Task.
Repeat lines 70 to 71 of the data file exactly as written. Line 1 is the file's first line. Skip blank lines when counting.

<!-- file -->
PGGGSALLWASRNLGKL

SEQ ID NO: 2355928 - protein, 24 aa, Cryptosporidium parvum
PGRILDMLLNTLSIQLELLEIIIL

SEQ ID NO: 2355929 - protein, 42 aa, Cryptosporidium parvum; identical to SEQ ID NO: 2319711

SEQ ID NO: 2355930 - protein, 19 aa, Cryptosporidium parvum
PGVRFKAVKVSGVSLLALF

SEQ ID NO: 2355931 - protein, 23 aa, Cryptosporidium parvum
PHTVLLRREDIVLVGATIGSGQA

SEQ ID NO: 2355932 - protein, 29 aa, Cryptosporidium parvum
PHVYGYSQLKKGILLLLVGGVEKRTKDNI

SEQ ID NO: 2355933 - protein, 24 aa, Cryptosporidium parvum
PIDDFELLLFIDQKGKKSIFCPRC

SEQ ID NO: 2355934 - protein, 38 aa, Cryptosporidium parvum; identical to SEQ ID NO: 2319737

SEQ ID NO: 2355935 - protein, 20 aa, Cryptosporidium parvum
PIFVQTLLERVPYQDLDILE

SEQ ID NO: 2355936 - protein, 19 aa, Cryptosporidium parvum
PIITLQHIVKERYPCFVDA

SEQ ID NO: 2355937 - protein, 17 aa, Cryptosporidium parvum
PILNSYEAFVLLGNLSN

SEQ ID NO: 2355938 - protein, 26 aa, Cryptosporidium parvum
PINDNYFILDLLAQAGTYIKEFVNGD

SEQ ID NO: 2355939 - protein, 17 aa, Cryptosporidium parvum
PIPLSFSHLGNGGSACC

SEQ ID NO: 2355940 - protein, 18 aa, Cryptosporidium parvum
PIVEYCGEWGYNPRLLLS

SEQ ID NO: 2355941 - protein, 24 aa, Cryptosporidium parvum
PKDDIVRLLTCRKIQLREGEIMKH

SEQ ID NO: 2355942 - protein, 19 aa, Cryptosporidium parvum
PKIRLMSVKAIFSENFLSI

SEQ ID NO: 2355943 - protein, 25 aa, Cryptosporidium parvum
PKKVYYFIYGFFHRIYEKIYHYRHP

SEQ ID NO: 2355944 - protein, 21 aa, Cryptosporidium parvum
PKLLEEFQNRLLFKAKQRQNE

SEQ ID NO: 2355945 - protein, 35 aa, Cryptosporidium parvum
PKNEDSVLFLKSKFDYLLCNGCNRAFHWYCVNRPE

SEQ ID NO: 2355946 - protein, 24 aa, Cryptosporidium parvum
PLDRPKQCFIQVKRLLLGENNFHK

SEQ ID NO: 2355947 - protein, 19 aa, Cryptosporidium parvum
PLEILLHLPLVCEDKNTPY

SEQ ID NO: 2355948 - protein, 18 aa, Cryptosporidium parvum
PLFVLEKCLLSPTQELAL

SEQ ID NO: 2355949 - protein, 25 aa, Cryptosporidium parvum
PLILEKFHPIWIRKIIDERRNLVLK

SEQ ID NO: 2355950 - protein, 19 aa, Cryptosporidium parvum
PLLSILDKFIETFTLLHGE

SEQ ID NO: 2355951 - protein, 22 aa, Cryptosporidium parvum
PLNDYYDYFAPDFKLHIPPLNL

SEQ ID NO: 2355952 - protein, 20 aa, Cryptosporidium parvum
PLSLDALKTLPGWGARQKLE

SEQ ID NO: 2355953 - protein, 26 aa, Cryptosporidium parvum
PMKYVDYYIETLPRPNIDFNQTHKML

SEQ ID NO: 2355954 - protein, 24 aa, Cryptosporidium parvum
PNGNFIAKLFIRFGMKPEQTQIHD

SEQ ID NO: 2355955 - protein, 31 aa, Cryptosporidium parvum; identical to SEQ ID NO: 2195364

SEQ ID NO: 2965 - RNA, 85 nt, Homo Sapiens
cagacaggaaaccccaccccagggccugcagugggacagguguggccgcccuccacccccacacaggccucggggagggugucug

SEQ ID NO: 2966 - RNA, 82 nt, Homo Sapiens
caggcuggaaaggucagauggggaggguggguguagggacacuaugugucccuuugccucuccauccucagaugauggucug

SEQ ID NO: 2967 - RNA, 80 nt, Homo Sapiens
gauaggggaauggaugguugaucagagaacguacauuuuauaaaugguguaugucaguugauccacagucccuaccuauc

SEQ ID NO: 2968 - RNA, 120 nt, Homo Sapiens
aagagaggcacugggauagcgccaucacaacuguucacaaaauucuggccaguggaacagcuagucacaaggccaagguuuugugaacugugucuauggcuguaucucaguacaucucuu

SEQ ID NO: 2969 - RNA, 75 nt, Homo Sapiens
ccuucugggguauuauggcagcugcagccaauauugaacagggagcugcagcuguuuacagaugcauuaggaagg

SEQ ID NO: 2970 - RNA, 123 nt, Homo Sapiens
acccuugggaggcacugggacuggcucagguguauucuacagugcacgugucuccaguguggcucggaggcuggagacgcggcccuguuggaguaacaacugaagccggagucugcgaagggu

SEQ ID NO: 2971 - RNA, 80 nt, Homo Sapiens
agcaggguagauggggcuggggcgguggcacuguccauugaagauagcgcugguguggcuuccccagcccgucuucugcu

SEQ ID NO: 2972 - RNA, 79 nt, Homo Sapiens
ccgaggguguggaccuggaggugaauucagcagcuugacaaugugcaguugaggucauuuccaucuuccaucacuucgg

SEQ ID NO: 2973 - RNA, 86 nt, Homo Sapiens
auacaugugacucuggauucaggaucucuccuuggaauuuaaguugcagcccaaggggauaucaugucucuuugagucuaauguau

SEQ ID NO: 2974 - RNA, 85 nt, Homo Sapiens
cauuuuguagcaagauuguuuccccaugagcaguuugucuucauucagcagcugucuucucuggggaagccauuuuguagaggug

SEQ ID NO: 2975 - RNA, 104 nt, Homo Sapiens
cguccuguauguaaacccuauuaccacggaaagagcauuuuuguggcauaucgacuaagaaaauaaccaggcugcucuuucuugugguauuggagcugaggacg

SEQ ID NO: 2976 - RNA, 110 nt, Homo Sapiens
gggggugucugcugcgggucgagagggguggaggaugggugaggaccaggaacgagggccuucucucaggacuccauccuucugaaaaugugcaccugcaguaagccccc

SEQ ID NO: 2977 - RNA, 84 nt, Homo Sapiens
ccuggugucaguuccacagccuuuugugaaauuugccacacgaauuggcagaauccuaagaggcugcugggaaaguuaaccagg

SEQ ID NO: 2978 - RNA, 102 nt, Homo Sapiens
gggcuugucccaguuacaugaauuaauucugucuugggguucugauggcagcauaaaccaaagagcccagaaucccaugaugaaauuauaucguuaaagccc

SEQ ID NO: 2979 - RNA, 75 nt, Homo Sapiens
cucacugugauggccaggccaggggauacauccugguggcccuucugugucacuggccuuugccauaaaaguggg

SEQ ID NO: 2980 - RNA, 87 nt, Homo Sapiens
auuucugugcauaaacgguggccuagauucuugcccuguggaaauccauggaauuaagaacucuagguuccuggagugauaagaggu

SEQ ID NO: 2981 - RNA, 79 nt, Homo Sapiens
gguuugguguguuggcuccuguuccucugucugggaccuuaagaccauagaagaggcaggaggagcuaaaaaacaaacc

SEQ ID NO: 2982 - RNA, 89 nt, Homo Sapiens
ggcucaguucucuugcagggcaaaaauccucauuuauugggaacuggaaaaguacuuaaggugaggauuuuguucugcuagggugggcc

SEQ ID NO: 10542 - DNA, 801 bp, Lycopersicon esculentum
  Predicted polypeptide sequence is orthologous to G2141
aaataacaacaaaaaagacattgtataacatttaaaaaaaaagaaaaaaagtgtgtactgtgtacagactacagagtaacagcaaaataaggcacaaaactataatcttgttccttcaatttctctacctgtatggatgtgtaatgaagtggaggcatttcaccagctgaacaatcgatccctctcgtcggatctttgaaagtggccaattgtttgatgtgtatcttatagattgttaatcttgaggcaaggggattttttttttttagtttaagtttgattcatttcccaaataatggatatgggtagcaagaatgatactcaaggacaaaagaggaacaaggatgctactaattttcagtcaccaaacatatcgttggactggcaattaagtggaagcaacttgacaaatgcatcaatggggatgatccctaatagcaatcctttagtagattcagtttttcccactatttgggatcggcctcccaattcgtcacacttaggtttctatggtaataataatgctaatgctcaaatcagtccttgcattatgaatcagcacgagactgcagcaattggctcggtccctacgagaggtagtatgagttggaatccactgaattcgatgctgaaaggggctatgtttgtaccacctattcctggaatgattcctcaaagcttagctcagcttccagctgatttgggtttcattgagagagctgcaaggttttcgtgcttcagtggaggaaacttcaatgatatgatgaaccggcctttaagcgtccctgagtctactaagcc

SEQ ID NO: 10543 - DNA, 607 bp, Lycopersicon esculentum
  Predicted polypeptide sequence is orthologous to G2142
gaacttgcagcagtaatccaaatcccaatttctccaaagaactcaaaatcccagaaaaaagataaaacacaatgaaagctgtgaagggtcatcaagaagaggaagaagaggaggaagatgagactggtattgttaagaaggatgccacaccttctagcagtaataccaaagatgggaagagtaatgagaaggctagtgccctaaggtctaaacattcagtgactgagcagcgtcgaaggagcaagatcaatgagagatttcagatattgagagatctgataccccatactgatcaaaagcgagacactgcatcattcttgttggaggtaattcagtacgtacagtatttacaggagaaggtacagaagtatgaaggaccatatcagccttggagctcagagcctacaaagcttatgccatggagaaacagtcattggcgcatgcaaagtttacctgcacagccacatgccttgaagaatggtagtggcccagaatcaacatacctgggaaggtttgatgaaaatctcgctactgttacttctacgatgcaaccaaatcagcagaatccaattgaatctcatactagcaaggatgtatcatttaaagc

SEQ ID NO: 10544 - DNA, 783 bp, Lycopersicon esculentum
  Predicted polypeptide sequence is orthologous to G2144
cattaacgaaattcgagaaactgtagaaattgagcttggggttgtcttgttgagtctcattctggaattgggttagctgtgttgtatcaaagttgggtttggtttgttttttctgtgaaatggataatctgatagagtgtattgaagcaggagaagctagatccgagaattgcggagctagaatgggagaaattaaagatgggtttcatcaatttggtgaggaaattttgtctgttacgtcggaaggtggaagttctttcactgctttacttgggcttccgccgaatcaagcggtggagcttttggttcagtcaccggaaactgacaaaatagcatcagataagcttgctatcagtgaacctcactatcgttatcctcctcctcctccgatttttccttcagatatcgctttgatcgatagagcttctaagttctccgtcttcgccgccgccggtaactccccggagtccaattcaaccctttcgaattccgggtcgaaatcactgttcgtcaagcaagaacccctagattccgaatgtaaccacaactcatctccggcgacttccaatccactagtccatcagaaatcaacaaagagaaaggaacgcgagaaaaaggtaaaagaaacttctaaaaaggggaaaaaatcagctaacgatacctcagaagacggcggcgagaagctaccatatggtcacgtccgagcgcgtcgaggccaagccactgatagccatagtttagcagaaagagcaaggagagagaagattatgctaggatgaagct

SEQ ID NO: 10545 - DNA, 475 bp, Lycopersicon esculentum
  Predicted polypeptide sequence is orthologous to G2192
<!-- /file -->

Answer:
ccgaggguguggaccuggaggugaauucagcagcuugacaaugugcaguugaggucauuuccaucuuccaucacuucgg

SEQ ID NO: 2973 - RNA, 86 nt, Homo Sapiens